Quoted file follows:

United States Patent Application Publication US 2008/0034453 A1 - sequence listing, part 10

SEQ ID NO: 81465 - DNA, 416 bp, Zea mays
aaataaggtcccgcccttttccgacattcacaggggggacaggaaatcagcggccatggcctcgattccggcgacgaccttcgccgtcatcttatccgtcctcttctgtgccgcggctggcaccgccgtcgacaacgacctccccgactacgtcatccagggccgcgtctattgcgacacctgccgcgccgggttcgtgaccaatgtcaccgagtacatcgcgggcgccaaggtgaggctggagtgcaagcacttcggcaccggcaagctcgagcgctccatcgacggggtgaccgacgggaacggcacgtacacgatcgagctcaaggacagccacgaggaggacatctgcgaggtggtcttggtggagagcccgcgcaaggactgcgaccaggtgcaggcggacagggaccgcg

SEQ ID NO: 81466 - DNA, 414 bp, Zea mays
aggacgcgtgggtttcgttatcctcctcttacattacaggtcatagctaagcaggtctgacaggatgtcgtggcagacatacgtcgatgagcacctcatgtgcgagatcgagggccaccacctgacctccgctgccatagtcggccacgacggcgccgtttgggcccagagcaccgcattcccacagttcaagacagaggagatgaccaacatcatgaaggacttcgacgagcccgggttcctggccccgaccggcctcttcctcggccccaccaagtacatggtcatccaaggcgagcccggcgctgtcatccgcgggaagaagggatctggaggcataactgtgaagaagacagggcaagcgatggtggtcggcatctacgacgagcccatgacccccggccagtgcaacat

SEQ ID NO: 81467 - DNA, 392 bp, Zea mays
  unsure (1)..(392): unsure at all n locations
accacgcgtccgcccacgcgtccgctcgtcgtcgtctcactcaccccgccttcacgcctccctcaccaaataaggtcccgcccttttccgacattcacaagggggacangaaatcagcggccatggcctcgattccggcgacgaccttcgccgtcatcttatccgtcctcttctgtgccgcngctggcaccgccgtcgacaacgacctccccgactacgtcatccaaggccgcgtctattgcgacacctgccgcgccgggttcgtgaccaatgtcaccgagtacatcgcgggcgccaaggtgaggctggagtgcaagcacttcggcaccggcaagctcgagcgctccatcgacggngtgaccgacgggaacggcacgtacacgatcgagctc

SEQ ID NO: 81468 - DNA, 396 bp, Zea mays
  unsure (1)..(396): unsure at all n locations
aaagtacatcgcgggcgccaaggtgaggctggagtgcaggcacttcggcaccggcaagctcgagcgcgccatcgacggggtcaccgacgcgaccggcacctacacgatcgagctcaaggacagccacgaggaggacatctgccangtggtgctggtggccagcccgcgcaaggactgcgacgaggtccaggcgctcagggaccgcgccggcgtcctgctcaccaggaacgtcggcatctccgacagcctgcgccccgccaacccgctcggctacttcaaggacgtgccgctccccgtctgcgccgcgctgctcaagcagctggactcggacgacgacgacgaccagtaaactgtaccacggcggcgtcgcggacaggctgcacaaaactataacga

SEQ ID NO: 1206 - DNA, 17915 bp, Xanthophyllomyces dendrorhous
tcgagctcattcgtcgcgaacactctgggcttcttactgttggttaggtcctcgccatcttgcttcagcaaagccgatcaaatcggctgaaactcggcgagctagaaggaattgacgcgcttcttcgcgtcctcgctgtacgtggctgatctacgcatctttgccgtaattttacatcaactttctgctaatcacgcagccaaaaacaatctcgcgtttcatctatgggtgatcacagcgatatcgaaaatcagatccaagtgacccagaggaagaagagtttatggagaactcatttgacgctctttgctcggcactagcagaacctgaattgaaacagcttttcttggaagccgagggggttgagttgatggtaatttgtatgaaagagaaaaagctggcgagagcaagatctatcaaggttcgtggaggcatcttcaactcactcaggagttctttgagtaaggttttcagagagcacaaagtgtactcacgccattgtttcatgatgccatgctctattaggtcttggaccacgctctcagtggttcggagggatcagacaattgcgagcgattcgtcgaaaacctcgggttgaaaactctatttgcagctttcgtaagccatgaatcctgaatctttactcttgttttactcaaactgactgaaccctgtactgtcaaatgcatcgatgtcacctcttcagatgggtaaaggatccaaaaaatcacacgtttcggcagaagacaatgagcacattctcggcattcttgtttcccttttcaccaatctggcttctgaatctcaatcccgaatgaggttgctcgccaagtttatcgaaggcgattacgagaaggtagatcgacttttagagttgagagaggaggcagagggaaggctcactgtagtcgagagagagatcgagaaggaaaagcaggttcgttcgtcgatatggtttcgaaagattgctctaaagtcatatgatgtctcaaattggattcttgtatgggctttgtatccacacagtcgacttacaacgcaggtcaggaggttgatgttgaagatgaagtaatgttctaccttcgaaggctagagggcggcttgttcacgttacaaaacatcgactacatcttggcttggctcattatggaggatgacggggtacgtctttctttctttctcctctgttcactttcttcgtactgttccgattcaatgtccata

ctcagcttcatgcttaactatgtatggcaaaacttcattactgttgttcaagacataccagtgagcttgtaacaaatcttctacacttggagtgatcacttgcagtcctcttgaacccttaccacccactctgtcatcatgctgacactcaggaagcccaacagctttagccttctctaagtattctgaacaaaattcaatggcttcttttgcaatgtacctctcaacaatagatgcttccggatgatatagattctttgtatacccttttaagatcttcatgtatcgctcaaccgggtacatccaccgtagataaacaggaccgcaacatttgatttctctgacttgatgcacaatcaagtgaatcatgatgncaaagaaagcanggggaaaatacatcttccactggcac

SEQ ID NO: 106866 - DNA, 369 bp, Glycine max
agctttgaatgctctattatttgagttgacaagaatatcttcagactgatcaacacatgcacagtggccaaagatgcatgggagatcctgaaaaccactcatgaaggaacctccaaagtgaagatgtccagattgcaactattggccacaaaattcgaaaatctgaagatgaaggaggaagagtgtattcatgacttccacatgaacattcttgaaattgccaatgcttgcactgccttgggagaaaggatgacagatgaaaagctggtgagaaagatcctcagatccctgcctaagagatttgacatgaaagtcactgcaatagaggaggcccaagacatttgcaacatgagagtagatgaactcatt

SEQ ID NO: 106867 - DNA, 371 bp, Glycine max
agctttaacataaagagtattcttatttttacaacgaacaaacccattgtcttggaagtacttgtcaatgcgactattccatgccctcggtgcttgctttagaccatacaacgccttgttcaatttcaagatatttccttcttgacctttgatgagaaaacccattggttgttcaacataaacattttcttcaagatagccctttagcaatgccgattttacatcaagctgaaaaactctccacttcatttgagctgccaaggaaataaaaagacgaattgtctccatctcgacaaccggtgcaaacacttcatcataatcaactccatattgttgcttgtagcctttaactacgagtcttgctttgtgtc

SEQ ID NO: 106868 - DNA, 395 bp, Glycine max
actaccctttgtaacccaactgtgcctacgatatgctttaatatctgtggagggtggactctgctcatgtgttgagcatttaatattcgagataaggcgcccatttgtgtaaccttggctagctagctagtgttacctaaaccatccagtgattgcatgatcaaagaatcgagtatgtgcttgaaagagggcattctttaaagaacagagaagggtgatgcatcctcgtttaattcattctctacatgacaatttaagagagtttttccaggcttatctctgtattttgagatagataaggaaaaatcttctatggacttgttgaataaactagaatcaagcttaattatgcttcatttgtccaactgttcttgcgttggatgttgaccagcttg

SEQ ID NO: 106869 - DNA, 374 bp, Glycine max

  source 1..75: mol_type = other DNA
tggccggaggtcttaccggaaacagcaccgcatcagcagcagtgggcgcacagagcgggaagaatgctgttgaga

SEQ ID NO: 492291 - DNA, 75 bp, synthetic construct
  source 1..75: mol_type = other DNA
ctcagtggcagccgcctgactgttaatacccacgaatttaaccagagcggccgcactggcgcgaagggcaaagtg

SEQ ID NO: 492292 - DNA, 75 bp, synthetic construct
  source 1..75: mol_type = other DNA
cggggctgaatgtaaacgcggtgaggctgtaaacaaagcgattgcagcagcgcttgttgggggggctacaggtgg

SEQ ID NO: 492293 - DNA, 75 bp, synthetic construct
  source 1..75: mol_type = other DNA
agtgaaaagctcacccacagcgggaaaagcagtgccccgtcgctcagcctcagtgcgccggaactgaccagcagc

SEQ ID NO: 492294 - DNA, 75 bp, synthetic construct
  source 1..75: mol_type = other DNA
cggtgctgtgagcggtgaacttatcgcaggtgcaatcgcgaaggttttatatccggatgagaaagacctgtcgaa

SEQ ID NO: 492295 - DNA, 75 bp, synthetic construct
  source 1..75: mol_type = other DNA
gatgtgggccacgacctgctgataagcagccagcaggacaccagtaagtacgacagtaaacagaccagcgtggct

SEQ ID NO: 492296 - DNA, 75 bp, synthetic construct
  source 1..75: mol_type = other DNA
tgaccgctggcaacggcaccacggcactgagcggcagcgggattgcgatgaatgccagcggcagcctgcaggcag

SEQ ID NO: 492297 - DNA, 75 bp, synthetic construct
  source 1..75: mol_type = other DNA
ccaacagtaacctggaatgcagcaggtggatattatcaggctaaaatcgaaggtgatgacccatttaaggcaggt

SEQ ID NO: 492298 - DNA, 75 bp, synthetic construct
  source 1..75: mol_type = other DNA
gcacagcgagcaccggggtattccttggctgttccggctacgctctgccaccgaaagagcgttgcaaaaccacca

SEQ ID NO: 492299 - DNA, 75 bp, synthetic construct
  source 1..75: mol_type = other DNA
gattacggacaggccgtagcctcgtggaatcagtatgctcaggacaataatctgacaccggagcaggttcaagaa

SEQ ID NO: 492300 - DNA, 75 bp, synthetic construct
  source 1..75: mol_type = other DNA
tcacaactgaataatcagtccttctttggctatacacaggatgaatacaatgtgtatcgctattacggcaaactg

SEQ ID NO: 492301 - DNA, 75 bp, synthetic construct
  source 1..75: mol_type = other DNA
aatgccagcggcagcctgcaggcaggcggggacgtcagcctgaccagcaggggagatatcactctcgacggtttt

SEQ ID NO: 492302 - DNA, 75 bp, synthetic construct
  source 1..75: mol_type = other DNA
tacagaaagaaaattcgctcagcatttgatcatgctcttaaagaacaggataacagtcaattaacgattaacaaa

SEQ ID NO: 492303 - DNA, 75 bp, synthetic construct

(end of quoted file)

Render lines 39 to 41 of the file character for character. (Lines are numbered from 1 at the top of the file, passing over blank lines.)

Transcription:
SEQ ID NO: 492296 - DNA, 75 bp, synthetic construct
  source 1..75: mol_type = other DNA
tgaccgctggcaacggcaccacggcactgagcggcagcgggattgcgatgaatgccagcggcagcctgcaggcag